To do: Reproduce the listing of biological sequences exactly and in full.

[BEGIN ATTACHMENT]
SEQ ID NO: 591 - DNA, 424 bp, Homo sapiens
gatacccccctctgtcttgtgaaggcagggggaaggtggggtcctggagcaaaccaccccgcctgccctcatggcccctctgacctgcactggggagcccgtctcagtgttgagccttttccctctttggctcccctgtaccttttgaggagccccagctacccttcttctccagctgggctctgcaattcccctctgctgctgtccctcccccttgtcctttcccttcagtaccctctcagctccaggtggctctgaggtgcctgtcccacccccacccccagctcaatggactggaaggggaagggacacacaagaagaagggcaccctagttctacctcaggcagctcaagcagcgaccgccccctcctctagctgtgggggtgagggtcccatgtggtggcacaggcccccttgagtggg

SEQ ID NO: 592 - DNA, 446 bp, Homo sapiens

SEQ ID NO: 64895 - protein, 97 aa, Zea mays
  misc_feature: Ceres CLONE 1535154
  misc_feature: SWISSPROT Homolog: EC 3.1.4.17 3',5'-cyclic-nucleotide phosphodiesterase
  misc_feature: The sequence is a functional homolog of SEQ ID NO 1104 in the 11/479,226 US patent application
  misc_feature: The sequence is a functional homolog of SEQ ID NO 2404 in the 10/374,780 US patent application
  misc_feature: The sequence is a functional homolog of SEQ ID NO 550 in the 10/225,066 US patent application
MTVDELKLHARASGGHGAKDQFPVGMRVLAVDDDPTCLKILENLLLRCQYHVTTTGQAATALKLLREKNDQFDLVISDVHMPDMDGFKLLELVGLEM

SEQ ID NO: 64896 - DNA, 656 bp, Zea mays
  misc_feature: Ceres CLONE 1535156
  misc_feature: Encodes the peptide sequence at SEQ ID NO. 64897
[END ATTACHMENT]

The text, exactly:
SEQ ID NO: 591 - DNA, 424 bp, Homo sapiens
gatacccccctctgtcttgtgaaggcagggggaaggtggggtcctggagcaaaccaccccgcctgccctcatggcccctctgacctgcactggggagcccgtctcagtgttgagccttttccctctttggctcccctgtaccttttgaggagccccagctacccttcttctccagctgggctctgcaattcccctctgctgctgtccctcccccttgtcctttcccttcagtaccctctcagctccaggtggctctgaggtgcctgtcccacccccacccccagctcaatggactggaaggggaagggacacacaagaagaagggcaccctagttctacctcaggcagctcaagcagcgaccgccccctcctctagctgtgggggtgagggtcccatgtggtggcacaggcccccttgagtggg

SEQ ID NO: 592 - DNA, 446 bp, Homo sapiens

SEQ ID NO: 64895 - protein, 97 aa, Zea mays
  misc_feature: Ceres CLONE 1535154
  misc_feature: SWISSPROT Homolog: EC 3.1.4.17 3',5'-cyclic-nucleotide phosphodiesterase
  misc_feature: The sequence is a functional homolog of SEQ ID NO 1104 in the 11/479,226 US patent application
  misc_feature: The sequence is a functional homolog of SEQ ID NO 2404 in the 10/374,780 US patent application
  misc_feature: The sequence is a functional homolog of SEQ ID NO 550 in the 10/225,066 US patent application
MTVDELKLHARASGGHGAKDQFPVGMRVLAVDDDPTCLKILENLLLRCQYHVTTTGQAATALKLLREKNDQFDLVISDVHMPDMDGFKLLELVGLEM

SEQ ID NO: 64896 - DNA, 656 bp, Zea mays
  misc_feature: Ceres CLONE 1535156
  misc_feature: Encodes the peptide sequence at SEQ ID NO. 64897